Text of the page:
Jordan's elite stifles economic opportunity

Jordanian protesters from opposition parties shout slogans and hold anti-government placards as they gather in front of the Jordanian prime minister's office in Amman to demand political reforms.

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Kai Ryssdal: Tens of thousands of Egyptians took to the streets once again today. It wasn't just political protests in Cairo, either. Labor unions were out on strike in other parts of the country as well.

Across the region -- from Tunisia to Egypt and over to Jordan -- people are demanding change. They want political change, obviously, but they also economic change. They want a chance at prosperity and an end to the wealthy elites who they believe are sucking their countries dry.

From Amman, Jordan, Marketplace's Stephen Beard reports.


Stephen Beard: Traffic in the streets of this capital has been unusually light since the unrest in Tunisia and Egypt began. Jordanians have been rushing home early to watch the unfolding events on TV. Jordan has been mesmerized.

Oraib Al-Rantawi, a political commentator says, most of the Arab world's been infused with a new spirit.

Oraib Al-Rantawi: We are living in the Tunisian, the Egyptian moment. This is the spirit. Nobody will stop it!

It is, he says, a spirit of rebellion against state-sponsored theft. Across the Middle East, many people believe their autocratic leaders have been robbing them blind.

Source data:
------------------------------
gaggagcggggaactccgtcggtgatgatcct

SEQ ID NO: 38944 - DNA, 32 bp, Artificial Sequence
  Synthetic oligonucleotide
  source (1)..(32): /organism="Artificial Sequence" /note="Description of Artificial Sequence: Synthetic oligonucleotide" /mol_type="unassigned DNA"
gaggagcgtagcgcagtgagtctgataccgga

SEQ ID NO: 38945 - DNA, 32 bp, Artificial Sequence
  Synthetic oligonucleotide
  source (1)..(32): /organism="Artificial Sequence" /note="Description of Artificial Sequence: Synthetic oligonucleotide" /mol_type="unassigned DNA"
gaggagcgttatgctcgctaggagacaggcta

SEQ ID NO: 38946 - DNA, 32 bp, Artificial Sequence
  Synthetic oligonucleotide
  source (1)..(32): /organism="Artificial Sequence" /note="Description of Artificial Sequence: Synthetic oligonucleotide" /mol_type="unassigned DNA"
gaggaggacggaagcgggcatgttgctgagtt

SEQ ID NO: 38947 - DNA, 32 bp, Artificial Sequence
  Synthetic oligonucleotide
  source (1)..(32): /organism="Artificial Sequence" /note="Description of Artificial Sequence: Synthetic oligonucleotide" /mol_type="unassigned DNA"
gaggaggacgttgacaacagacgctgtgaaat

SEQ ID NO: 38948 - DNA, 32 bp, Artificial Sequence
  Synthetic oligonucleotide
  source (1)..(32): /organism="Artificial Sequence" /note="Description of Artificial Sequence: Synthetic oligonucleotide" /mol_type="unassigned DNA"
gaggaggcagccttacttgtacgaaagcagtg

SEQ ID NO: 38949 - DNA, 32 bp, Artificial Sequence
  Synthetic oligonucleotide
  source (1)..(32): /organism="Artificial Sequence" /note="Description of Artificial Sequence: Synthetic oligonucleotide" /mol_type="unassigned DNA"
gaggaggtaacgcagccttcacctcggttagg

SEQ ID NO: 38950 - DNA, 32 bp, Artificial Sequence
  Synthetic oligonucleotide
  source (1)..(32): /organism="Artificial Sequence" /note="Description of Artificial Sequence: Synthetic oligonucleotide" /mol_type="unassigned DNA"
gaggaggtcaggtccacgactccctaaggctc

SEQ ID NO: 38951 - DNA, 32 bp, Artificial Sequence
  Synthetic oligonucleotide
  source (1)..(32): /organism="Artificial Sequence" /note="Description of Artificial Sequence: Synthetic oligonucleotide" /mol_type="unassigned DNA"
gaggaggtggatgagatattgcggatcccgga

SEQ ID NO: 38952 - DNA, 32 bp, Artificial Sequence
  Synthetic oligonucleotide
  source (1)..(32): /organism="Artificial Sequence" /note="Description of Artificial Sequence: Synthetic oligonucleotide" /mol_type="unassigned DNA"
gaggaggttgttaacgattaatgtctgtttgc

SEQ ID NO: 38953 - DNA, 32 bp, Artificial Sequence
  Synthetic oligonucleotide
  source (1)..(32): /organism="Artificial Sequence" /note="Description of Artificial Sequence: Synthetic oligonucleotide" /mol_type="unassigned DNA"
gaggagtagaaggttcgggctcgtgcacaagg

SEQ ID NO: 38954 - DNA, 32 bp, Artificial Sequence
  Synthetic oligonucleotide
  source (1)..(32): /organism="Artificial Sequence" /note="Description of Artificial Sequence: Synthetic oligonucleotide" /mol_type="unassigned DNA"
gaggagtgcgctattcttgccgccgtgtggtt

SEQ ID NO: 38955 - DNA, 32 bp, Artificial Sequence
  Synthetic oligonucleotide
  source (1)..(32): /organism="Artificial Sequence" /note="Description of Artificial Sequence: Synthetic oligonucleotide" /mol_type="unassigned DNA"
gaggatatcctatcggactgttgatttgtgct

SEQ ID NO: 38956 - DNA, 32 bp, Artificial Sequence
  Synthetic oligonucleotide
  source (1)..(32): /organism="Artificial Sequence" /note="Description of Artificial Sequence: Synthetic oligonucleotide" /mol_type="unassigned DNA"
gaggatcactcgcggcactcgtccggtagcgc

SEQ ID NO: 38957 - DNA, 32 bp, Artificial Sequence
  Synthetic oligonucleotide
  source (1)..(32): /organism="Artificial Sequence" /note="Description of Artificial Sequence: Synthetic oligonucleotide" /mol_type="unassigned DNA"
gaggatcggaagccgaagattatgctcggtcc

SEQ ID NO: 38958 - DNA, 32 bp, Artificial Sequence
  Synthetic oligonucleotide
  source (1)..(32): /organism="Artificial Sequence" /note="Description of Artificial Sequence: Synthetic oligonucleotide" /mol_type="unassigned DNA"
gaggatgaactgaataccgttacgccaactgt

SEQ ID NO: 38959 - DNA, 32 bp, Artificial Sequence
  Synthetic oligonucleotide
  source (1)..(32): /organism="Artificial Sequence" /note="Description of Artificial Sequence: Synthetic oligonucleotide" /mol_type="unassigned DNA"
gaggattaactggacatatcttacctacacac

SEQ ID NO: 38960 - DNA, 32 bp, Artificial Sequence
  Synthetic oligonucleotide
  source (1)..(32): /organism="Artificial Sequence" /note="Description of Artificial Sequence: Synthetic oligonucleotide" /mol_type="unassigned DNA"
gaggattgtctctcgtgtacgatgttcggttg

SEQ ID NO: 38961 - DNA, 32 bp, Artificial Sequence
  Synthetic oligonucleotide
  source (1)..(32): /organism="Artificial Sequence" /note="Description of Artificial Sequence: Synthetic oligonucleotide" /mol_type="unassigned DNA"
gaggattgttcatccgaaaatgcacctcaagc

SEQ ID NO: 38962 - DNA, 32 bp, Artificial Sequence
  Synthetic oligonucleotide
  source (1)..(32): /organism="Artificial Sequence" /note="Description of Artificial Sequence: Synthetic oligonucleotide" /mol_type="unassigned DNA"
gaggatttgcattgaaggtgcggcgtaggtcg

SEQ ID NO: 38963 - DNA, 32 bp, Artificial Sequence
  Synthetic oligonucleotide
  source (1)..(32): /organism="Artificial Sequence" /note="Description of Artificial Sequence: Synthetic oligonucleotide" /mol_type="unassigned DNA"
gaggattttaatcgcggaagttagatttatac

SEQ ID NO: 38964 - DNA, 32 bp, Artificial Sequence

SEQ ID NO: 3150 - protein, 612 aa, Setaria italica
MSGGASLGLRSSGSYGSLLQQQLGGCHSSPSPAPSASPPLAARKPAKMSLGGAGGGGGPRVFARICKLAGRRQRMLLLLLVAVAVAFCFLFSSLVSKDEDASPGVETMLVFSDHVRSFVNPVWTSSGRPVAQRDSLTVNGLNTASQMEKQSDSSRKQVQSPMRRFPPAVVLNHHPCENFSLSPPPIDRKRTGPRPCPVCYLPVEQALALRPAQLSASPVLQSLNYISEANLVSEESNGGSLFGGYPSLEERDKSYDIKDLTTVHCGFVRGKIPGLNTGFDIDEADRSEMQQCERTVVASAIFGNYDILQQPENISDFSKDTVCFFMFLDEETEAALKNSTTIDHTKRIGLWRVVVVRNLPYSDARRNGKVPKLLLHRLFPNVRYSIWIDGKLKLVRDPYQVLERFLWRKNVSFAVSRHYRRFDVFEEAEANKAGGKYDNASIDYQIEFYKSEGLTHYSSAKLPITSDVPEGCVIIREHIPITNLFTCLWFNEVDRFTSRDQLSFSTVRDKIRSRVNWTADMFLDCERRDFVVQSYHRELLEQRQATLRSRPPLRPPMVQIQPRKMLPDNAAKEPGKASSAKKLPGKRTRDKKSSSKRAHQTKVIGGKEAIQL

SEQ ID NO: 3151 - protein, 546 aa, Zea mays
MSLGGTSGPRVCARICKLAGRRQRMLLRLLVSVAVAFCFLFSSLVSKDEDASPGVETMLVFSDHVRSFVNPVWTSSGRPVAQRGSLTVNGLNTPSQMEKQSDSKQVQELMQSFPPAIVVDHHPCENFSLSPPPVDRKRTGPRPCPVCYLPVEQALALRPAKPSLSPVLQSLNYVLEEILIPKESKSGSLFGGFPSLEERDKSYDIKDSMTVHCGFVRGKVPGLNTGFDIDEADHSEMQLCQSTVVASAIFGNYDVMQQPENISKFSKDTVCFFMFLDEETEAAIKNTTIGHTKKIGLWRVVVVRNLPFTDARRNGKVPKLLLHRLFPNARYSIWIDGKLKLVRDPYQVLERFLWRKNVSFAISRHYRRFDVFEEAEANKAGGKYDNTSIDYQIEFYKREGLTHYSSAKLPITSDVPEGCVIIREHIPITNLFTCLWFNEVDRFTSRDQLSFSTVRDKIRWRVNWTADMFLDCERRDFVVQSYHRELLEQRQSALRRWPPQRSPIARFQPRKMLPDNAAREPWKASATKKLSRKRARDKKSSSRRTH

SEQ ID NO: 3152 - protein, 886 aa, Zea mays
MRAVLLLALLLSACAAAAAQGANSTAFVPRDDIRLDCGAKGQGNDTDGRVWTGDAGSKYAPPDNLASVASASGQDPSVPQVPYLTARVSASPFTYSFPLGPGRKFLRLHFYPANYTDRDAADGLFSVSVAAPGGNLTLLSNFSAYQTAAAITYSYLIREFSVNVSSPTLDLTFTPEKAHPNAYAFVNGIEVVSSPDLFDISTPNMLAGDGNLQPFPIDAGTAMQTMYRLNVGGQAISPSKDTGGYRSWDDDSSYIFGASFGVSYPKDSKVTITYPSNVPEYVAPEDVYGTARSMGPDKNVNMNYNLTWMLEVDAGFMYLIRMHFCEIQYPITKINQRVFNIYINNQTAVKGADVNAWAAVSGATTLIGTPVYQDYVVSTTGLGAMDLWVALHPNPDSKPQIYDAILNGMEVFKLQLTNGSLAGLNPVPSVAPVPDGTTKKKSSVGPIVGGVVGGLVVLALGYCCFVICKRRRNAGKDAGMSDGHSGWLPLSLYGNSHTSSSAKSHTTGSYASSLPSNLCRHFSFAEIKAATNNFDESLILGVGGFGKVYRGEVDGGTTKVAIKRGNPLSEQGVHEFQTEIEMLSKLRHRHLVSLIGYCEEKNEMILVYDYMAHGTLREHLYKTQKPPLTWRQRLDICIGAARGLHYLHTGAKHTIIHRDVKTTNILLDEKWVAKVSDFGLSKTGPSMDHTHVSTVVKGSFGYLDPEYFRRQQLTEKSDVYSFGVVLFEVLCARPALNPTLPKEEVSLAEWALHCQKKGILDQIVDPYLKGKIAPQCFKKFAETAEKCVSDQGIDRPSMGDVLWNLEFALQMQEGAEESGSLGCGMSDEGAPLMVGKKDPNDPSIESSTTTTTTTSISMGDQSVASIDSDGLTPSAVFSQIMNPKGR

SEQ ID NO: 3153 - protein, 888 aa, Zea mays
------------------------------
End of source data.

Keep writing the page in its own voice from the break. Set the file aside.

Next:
Labib Kamhawi: When you don't have democracy, you have no accountability, no transparency and then you have corruption.

That's Jordanian businessman Labib Kamhawi. He says that like most Middle Eastern countries, Jordan is run by a clique of wealthy families and individuals -- politicians in cahoots with business people. Kamhawi says many of them plunder the public purse, hog the best jobs and try to skim a bit off every government contract.

Kamhawi: The corruption really covers all aspects of life which left people who don't belong to this class helpless.

Not everyone agrees that Jordan is a hotbed of corruption. Local economist Yusuf Mansur.

Yusuf Mansur: There is corruption, there is corruption. However, as an economist, I don't see it as massive or as widespread as in other countries.

That does not reassure critics of the system. One of them claims there's an unofficial poverty line for corrupt individuals: If they don't manage to rip off more than $50 million during their careers, they're not doing well.

But Jordan is an undemocratic monarchy. King Abdullah hires and fires his governments. Critics like Labib Kamhawi do have a question to answer:

Beard: Is the king and his family profiting personally from this corruption?

Kamhawi: The law punishes anybody who talks about the king or the royal family. So we cannot talk. You ask the king. You don't ask me.

The king declined an invitation to appear on this program. But one expatriate Jordanian journalist is not so reticent. He's been circulating over the Internet an open letter addresses to Queen Rania.

Letter, read aloud: What gives you the right to celebrate your birthday with a party costing $15 million? And for the king to give you a yacht costing $83 million in a poor country that has no oil, lives off aid and cannot buy milk for its children?

Around half the Jordanian population lives on less or little more than $2.50 a day.

In Amman, I'm Stephen Beard for Marketplace.

About the author

Stephen Beard is the European bureau chief and provides daily coverage of Europe’s business and economic developments for the entire Marketplace portfolio.

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